From the beginning, extensibility of TFS was a core design principle – both to enable great 3rd party partners (like Ekobit, Urban Turtle, InCycle and more) and because almost all development shops have a need to customize the tools they use.  As such we’ve provided a .NET library for interacting with and extending TFS from day one.  And I’m always amazed with the things people are able to do with it.

Today I am pleased to announce that we are now also extending this the Java side of the house.  We have just made the Team Foundation Server SDK for Java available as a public download.

Now you will be able to extend TFS using Java just as easily as you can with .NET.  This is going to enable teams using Team Explorer Everywhere to fully customize their development environment – in Eclipse or outside.  Further, we have a few 3rd party ISVs that are in the process of adding TFS support to their software offerings using our new SDK.  Their feedback has been great in helping make sure we have a solid and easy to use SDK.  Stay tuned in the coming weeks and months for news of these new partners.

The TFS SDK for Java includes the following:

  • A redistributable JAR file containing the TFS API’s.  This is a the same Java code that is used by Team Explorer Everywhere in the TFS plug-in for Eclipse and the Cross-platform command line client.  It provides access to version control, work item tracking, build and other functionality in TFS from your own Java based application.   We ship this as a single JAR file containing all the code and Java dependencies to make is easy to include in your own applications.
  • The native code libraries used by the TFS API. We have a small amount of JNI code in the API to handle functionality that is not natively supported in Java on all the platforms that we support (such as access to Kerberos for authentication, or integrating with Keychain on the Mac).  We are making this native code available, also redistributable and compiled for Windows (x86, x64), Mac (Universal), Linux(x86, x64, ppc), HP-UX (ia64_32, pa_risc), Solaris(sparc, x86, x64) and AIX (ppc).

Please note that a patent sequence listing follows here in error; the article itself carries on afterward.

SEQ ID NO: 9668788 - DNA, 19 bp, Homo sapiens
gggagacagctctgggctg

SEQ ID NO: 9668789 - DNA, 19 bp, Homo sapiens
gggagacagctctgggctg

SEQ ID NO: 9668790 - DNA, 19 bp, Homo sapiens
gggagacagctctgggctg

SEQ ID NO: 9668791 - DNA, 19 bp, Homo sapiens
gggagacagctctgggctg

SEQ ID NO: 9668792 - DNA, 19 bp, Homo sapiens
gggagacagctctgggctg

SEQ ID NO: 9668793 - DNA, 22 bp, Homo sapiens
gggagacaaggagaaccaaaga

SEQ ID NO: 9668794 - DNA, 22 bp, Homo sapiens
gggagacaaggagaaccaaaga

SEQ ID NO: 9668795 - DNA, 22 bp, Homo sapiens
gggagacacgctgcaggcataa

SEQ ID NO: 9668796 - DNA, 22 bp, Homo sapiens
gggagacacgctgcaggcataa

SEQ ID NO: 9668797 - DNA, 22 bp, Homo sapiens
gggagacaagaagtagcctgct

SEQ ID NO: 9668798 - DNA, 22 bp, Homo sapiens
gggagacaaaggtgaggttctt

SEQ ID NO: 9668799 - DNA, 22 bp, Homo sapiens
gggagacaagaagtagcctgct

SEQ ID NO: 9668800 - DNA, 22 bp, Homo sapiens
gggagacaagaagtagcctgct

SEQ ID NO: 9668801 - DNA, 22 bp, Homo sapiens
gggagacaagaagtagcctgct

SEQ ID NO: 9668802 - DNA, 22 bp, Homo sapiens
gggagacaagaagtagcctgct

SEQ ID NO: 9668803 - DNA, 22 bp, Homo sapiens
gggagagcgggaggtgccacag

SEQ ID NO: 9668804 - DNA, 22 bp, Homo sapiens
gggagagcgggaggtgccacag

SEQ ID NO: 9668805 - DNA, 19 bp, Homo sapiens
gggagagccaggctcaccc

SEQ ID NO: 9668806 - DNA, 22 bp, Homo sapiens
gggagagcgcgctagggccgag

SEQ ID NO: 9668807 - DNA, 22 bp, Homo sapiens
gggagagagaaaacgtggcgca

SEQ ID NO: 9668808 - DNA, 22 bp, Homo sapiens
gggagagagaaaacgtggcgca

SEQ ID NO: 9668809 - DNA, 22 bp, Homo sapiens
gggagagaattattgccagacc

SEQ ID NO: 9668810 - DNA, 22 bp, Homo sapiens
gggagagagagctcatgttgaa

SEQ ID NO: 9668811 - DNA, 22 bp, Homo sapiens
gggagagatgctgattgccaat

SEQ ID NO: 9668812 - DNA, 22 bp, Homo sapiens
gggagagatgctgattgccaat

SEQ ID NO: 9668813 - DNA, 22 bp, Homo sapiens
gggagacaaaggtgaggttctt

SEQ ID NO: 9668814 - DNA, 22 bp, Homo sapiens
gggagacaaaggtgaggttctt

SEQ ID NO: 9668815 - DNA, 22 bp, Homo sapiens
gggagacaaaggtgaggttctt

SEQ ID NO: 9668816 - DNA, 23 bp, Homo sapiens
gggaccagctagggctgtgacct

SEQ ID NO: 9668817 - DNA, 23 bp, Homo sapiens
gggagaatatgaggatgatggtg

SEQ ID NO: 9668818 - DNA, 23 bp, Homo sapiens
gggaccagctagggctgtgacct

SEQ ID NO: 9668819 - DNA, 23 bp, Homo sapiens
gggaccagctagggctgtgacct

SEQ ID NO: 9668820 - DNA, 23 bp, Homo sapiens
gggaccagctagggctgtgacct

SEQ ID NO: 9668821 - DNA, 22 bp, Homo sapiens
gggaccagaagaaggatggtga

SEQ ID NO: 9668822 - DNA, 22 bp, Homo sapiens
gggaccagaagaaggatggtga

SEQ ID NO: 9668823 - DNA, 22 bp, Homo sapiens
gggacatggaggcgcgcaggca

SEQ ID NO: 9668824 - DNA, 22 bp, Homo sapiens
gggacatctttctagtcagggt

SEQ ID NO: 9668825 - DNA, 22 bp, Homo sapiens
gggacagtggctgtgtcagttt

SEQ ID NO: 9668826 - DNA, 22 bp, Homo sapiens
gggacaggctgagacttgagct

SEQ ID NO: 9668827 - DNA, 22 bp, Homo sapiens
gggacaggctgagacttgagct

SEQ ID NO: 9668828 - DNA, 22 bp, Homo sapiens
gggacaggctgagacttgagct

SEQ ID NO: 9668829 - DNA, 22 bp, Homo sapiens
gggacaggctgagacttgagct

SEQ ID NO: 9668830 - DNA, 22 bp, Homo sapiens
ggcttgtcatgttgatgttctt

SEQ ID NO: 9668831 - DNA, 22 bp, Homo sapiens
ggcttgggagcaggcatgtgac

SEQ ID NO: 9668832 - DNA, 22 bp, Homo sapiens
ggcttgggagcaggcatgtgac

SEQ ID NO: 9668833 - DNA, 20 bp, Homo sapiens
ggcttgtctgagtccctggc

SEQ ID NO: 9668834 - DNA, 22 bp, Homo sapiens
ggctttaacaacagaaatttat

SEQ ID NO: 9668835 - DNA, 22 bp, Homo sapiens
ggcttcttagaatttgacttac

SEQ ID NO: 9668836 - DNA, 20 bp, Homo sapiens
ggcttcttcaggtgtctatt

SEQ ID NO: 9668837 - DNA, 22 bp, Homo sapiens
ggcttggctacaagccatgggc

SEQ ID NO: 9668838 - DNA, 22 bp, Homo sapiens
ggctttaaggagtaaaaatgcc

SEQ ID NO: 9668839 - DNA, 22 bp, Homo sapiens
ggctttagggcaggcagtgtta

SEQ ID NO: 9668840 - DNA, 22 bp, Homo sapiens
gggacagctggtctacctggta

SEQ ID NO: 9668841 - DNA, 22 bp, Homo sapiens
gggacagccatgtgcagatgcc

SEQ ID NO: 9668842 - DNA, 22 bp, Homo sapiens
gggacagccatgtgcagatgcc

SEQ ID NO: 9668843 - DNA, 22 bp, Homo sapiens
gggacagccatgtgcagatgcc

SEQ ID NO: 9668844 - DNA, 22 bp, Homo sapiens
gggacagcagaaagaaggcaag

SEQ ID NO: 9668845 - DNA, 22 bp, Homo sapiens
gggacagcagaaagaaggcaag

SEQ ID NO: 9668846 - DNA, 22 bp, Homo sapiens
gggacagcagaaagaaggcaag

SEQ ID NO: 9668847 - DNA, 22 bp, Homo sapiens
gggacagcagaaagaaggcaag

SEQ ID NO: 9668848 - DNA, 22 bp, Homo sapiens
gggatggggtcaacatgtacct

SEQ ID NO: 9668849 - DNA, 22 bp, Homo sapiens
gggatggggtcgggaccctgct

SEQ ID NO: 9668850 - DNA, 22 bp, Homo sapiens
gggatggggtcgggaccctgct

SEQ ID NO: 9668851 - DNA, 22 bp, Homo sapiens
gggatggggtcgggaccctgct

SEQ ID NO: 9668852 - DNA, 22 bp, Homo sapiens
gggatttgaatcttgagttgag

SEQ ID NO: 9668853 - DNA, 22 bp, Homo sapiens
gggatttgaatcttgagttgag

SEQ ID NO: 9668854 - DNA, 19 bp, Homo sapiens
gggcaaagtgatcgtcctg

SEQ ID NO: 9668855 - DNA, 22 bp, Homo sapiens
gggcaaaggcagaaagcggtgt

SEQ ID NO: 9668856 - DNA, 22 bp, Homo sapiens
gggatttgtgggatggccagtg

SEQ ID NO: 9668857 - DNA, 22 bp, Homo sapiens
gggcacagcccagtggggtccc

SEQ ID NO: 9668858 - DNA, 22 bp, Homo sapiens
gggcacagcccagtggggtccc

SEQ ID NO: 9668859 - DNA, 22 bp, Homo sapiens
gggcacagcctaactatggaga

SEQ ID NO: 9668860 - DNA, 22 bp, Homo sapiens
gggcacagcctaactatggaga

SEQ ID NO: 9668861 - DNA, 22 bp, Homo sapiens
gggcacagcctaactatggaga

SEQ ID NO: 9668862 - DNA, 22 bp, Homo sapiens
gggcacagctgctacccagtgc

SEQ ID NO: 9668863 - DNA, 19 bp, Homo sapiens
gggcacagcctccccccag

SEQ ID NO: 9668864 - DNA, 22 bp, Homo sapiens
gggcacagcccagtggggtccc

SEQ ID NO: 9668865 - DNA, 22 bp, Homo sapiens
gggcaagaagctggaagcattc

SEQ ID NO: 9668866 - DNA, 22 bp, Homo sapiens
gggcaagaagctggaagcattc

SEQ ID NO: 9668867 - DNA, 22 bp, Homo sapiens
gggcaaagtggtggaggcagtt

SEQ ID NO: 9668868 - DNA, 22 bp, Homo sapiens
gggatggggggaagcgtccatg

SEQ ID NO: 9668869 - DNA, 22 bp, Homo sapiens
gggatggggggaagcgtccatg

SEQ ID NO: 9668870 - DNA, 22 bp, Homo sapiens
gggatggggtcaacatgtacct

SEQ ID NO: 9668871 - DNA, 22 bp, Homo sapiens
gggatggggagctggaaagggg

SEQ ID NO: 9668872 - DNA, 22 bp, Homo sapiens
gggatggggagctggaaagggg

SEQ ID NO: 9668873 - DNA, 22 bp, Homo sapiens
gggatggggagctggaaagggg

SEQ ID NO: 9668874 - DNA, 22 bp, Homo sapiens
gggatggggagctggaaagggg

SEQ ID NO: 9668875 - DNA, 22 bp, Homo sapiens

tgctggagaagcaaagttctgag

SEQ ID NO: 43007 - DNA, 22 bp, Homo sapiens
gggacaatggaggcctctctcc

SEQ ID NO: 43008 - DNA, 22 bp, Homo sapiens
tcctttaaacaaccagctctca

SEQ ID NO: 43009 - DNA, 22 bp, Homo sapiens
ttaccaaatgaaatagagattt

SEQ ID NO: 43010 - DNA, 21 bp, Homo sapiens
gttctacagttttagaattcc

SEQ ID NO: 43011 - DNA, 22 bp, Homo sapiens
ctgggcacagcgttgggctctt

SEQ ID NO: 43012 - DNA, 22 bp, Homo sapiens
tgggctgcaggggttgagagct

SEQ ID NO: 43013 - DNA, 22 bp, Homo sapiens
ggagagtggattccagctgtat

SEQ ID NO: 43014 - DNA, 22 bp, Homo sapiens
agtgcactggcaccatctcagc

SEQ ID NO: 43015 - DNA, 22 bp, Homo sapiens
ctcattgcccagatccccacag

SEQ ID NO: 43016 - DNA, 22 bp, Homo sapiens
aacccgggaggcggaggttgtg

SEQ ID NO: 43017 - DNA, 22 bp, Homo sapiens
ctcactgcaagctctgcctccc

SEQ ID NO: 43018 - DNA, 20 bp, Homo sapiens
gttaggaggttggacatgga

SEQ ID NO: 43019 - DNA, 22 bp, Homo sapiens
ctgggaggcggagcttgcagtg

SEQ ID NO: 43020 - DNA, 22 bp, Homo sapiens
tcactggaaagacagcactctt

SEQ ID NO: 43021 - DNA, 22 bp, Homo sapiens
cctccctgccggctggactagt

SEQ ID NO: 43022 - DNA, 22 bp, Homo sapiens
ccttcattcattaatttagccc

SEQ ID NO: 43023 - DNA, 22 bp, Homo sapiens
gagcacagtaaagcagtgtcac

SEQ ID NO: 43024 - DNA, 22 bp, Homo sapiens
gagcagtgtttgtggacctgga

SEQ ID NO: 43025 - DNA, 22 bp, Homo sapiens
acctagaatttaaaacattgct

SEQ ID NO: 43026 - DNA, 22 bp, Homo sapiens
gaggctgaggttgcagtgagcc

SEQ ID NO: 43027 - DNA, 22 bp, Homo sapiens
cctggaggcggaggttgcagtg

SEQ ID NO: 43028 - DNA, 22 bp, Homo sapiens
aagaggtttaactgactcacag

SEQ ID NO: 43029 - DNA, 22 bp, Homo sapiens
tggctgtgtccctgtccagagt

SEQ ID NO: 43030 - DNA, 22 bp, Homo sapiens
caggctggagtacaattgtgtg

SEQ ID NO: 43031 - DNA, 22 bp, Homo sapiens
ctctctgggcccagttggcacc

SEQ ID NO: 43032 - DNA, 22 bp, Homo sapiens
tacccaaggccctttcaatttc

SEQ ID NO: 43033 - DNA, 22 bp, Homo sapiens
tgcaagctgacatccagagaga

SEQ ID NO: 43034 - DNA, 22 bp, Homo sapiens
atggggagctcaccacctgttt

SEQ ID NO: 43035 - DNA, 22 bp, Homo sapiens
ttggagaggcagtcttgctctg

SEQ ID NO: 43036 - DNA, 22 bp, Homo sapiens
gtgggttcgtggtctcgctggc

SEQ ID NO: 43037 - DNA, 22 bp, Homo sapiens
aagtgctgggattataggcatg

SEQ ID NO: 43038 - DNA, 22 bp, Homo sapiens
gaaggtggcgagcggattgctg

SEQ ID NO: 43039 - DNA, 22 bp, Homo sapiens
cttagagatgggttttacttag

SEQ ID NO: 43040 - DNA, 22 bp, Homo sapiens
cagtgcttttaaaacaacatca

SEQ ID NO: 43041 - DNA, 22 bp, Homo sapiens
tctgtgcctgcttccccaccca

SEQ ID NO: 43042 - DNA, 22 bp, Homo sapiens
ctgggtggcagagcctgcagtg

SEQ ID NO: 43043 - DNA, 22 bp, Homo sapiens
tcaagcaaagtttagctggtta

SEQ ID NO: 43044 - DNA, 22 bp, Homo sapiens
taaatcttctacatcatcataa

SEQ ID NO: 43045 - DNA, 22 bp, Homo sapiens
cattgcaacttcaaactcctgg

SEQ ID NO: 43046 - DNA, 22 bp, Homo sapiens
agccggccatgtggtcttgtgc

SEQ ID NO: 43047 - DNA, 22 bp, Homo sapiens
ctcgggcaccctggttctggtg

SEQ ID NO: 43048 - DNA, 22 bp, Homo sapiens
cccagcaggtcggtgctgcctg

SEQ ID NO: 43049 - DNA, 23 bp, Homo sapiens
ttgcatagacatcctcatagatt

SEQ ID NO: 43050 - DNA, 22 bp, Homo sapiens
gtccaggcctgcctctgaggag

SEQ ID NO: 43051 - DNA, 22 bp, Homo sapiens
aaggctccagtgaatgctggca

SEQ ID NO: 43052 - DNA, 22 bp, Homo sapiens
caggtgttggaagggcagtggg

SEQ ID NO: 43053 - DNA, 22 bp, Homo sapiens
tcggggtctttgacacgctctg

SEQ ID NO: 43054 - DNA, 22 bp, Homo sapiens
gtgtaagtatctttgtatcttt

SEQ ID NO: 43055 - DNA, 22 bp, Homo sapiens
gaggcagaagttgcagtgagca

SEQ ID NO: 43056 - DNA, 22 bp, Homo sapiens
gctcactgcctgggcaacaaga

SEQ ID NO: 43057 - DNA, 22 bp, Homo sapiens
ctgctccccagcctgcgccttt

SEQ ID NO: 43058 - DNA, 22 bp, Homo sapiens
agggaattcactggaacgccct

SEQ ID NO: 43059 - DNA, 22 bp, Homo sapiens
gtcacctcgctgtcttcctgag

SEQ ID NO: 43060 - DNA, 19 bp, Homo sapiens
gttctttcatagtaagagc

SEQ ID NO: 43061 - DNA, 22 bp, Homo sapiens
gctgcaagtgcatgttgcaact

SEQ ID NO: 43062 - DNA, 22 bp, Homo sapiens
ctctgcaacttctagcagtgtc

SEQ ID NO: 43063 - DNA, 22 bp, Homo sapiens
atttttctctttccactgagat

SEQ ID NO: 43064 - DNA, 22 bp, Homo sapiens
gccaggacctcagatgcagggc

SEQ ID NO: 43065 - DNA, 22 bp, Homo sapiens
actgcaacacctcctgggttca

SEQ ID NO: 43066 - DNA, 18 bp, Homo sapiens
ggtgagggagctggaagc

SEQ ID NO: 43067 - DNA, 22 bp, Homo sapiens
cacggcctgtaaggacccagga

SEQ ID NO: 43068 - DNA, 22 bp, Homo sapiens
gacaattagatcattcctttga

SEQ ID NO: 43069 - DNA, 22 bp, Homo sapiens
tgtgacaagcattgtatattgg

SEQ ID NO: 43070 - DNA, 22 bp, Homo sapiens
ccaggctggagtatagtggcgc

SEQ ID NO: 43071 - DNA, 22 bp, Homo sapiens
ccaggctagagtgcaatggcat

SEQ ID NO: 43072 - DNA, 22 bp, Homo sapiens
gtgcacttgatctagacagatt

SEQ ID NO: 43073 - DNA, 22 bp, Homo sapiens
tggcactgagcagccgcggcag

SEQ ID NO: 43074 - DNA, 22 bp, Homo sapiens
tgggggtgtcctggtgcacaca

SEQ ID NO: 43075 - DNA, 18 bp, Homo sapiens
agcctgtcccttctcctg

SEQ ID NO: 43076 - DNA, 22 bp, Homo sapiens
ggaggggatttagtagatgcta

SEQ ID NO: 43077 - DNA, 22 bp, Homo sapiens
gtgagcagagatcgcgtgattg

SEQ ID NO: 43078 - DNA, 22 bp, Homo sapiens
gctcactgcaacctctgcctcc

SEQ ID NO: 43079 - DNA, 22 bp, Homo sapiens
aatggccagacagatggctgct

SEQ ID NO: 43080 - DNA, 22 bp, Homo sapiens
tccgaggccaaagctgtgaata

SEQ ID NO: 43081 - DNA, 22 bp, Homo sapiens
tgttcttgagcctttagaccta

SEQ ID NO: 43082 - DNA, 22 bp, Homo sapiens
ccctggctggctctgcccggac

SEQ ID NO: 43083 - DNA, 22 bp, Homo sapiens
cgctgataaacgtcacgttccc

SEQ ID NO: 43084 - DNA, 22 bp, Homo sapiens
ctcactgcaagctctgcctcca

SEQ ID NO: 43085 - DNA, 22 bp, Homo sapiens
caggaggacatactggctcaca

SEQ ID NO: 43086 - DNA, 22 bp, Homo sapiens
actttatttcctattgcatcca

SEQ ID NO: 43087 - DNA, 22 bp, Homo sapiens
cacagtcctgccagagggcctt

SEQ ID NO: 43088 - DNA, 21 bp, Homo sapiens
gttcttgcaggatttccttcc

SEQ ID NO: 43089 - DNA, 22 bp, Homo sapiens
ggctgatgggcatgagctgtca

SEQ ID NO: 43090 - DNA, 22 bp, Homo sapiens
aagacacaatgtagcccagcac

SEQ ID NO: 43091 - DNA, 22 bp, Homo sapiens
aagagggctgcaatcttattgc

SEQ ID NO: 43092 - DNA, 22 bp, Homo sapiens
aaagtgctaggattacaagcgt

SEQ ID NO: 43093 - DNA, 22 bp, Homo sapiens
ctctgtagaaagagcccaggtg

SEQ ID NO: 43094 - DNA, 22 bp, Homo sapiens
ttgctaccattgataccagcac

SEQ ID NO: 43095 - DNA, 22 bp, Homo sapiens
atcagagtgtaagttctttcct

• Full API documentation in Javadoc format.  This is the same code documentation used by our developers, written by our developers.
  • Code Samples. The team are very aware that getting started with this large code base can be quite a challenge, therefore they have put together a bunch of sample code to try and get you started.  It includes: 
    • Sample custom check-in policy
    • Sample custom work item controls (including a Radio Button control, Simple Button control, File Source drop-down and a sample External Source drop-down)
    • A set of sample console applications utilizing build and version control capabilities
    • A series of simple snippets demonstrating many aspects of the API including Work Items, Version Control and Build access.
    • Instructions for building and an Ant based build script to get you started.

The license terms for the SDK are here.  We’ve tried hard to make sure the license is as helpful as possible.  You can use the SDK in your own applications redistributing the files listed for no charge.  You can create applications that run on any of the operating systems supported by the API.  There is no requirement that people must have Team Explorer Everywhere installed or even have a license for it – however you still need to make sure that anyone who is talking to TFS is licensed to use it (usually through a Client Access License).